Why You Should Be Using Your Public Library’s eBook/Audiobook Collections (And A Note On The Threat to eBook Lending)

EBooks. Love them or hate them they are here to stay.

As a librarian I have an innate love for print, print books, magazines, newspapers, journals. It makes me sad that a lot of that media is being forced towards a digital only platform. Books, however, seem to be enjoying a resurgence in the popularity of their print form. There is something in the kinesthetic experience of holding a print item, reading the words on a piece of paper and flipping through pages. I’m sure my love of print is also connected to my hoarder tendencies (imagine a dragon jealously guarding his hoard of gold, stroking the shiny jewels and coins and that is me with my back issues of Writer’s Digest and National Geographic, my books, and newspapers I think have “historic value”).

Ebooks and audiobooks were not created to replace print. There are many aspects of digital content that are innocent of the nefarious agenda of replacing print. Many people find ebooks and audiobooks an accessible alternative to print, those with visual disabilities in particular but there are others with physical limitations who find digital content more convenient.

As a breastfeeding mother I have discovered trying to balance a print item much more difficult than holding my phone for the hours a day I find myself trapped beneath a sleeping or nursing baby. As a millennial I also find I am much more likely to remember to grab my phone above anything else when taking the kids outside, to the park, to a play place, or doctors office.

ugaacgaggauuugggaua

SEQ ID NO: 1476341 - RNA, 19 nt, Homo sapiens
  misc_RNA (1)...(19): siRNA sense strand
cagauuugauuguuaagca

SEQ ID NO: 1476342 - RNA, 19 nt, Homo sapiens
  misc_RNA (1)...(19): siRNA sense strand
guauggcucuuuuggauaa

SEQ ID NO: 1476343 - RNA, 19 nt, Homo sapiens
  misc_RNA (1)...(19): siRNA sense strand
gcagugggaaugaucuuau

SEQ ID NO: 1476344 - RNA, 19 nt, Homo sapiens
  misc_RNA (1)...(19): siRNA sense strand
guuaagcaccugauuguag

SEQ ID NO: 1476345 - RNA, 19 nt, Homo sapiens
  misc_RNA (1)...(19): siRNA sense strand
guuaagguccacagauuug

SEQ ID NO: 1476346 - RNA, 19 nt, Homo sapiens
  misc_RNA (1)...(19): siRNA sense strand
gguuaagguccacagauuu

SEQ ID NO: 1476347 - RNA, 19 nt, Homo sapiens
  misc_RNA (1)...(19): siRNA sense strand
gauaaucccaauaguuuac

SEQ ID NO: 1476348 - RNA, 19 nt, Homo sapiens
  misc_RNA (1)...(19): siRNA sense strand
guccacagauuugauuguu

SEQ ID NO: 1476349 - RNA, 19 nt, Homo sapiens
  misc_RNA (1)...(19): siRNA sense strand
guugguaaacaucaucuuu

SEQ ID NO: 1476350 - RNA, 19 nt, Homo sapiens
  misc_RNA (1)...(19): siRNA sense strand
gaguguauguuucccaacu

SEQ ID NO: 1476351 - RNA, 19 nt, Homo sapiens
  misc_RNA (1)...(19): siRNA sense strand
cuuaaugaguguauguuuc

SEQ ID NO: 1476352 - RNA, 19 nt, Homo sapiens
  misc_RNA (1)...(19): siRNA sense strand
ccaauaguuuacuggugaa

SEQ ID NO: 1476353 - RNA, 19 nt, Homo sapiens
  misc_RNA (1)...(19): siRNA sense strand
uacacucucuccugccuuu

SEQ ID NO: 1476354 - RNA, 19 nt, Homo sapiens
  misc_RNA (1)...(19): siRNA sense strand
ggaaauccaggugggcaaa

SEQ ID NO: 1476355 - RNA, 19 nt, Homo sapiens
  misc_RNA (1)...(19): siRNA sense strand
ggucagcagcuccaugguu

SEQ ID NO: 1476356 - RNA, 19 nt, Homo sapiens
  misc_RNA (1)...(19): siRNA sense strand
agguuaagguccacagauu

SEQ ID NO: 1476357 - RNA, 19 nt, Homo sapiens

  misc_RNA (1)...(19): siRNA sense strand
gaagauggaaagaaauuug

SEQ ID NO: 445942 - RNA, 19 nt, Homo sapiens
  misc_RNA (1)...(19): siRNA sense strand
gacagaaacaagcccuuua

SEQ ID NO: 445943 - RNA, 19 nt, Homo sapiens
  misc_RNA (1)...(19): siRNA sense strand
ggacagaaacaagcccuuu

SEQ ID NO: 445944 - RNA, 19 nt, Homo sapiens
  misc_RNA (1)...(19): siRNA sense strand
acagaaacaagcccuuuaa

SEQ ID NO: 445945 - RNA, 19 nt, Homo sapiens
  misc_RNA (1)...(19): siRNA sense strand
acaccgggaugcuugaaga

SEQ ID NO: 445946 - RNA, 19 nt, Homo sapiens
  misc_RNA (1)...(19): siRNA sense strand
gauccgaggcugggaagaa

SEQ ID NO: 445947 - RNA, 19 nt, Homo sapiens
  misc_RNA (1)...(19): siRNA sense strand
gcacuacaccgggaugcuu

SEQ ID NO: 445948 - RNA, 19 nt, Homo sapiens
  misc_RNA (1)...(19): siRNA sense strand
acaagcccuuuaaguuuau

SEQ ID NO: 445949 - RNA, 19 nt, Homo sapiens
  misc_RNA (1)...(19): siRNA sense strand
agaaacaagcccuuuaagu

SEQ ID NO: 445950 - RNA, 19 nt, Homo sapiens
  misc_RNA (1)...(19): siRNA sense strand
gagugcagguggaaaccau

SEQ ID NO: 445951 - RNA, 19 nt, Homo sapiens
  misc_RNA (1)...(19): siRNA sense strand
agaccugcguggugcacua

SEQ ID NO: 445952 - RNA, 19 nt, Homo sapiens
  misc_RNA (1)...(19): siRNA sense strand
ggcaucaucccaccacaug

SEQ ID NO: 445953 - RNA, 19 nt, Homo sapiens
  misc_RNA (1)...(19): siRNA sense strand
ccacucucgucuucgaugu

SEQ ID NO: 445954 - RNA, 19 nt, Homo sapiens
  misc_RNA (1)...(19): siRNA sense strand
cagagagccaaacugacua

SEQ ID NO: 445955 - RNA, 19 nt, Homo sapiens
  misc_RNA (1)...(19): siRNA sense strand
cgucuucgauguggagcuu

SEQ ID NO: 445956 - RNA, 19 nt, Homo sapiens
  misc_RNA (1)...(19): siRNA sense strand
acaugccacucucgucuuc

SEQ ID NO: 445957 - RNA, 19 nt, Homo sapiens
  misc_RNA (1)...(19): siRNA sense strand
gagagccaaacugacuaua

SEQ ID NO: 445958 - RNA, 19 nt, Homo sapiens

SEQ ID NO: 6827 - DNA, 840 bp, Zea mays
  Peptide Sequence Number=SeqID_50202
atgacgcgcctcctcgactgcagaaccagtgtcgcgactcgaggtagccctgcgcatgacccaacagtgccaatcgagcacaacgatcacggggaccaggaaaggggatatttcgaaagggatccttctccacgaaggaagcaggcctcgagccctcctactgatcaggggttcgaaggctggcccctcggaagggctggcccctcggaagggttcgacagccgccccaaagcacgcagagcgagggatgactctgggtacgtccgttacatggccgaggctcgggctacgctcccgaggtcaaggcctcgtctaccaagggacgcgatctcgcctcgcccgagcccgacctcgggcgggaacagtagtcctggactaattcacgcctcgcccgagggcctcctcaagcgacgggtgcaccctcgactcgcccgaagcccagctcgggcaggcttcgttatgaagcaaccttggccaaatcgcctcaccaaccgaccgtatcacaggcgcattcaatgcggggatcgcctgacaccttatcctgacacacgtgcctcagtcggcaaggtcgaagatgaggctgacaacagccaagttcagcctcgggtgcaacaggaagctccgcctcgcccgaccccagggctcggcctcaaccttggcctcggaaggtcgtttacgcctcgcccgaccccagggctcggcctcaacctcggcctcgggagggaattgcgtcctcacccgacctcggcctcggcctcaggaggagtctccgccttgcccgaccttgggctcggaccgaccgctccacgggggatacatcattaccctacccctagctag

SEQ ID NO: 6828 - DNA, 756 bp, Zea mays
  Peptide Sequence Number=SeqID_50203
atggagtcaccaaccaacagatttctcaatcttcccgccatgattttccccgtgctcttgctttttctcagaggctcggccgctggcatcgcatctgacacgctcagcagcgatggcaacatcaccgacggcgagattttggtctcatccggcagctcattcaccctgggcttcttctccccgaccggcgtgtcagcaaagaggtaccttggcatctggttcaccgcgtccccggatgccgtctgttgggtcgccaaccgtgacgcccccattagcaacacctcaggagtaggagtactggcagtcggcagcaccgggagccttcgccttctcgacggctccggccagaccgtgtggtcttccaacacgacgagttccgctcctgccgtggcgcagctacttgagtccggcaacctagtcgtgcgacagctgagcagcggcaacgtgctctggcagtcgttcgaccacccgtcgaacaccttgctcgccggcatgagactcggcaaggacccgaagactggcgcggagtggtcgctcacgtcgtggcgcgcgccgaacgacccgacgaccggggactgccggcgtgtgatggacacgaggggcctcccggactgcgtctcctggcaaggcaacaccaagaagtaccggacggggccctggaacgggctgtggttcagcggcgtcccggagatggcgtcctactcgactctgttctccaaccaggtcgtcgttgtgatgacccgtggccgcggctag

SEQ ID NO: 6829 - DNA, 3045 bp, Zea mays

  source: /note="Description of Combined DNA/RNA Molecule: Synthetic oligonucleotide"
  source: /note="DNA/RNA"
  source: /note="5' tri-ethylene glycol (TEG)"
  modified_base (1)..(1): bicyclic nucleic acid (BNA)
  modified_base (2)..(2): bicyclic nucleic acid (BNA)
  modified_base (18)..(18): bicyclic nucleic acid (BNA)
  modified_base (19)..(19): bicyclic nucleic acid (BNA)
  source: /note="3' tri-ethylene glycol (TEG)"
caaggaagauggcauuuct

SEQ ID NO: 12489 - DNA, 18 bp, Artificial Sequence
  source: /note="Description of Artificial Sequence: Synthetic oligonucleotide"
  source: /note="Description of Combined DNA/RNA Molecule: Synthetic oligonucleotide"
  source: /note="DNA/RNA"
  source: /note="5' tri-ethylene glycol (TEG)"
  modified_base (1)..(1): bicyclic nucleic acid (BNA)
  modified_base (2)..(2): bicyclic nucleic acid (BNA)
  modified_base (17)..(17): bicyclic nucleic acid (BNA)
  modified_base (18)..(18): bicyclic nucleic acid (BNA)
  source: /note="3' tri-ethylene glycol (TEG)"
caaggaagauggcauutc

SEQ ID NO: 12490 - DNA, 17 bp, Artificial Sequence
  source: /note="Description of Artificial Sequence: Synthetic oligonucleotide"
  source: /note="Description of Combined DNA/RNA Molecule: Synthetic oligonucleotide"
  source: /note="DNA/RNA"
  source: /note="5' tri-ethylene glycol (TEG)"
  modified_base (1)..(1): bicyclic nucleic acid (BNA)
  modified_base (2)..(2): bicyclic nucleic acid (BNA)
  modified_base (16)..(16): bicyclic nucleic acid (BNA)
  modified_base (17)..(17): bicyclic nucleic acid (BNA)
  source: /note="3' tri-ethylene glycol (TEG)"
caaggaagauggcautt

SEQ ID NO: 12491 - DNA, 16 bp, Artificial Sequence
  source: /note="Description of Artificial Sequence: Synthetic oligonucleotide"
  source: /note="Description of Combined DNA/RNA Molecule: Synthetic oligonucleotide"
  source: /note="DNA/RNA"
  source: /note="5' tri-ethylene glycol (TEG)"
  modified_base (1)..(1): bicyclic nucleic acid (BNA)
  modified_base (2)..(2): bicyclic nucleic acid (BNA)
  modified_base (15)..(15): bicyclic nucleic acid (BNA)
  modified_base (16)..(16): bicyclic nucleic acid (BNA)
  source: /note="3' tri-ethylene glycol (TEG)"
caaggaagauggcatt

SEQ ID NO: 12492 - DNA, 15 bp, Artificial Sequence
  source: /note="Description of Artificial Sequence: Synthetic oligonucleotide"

Since downloading Overdrive and utilizing my public library’s subscription I have read/listened to 11 books this year. That is a lot considering I also had a baby this year AND had to deal with a lot of scary appointments involving my new baby.

I work full time and have a long commute so the audiobooks have been a godsend. The radio’s Top 40 gets old real quick and while I enjoy my Apple Music subscription I also find this time valuable for catching up on stories via the audiobooks. I listened to the entire Outlander series via audiobooks in the last two years (purchased through Audible). Audiobooks and ebooks are viable alternatives for when print books are genuinely inconvenient. For those working, commuting, and parenting they seem to be a particular boon and I am grateful for the access.

Ebook lending in particular for libraries has been threatened by a controversial policy change from Macmillan Publishing which expands the embargo period on new title releases. An embargo is jargon for a period of time in which there is limited or no access to a title, also common in academic journals available through college databases. Essentially the policy change means that libraries will only be able to purchase one (1) perpetual access ebook in the first eight weeks after a title’s release. One.

Let me say that again.

One.

For large library systems, super popular titles, low income and those with disabilities this is not good news. Ever used a library service to check out an ebook or audiobook and got put on a waitlist (#6 out of 14 holds on 3 copies, etc.)? This would make that waitlist a heck of a lot longer, all but guaranteeing you won’t get to read that new release for several months unless you get frustrated enough to buy it (which is the goal).

This is misguided for a few reasons. One: library acquisitions count for a healthy number of book sales. Alienate libraries and your authors may find themselves choosing over publishing houses. Two: library lending has been known to increase books sales by satisfied patrons on subsequent titles from authors they have enjoyed via check outs. Library lending of ebooks allows patrons to discover new authors which will lead to purchasing future books by favored authors.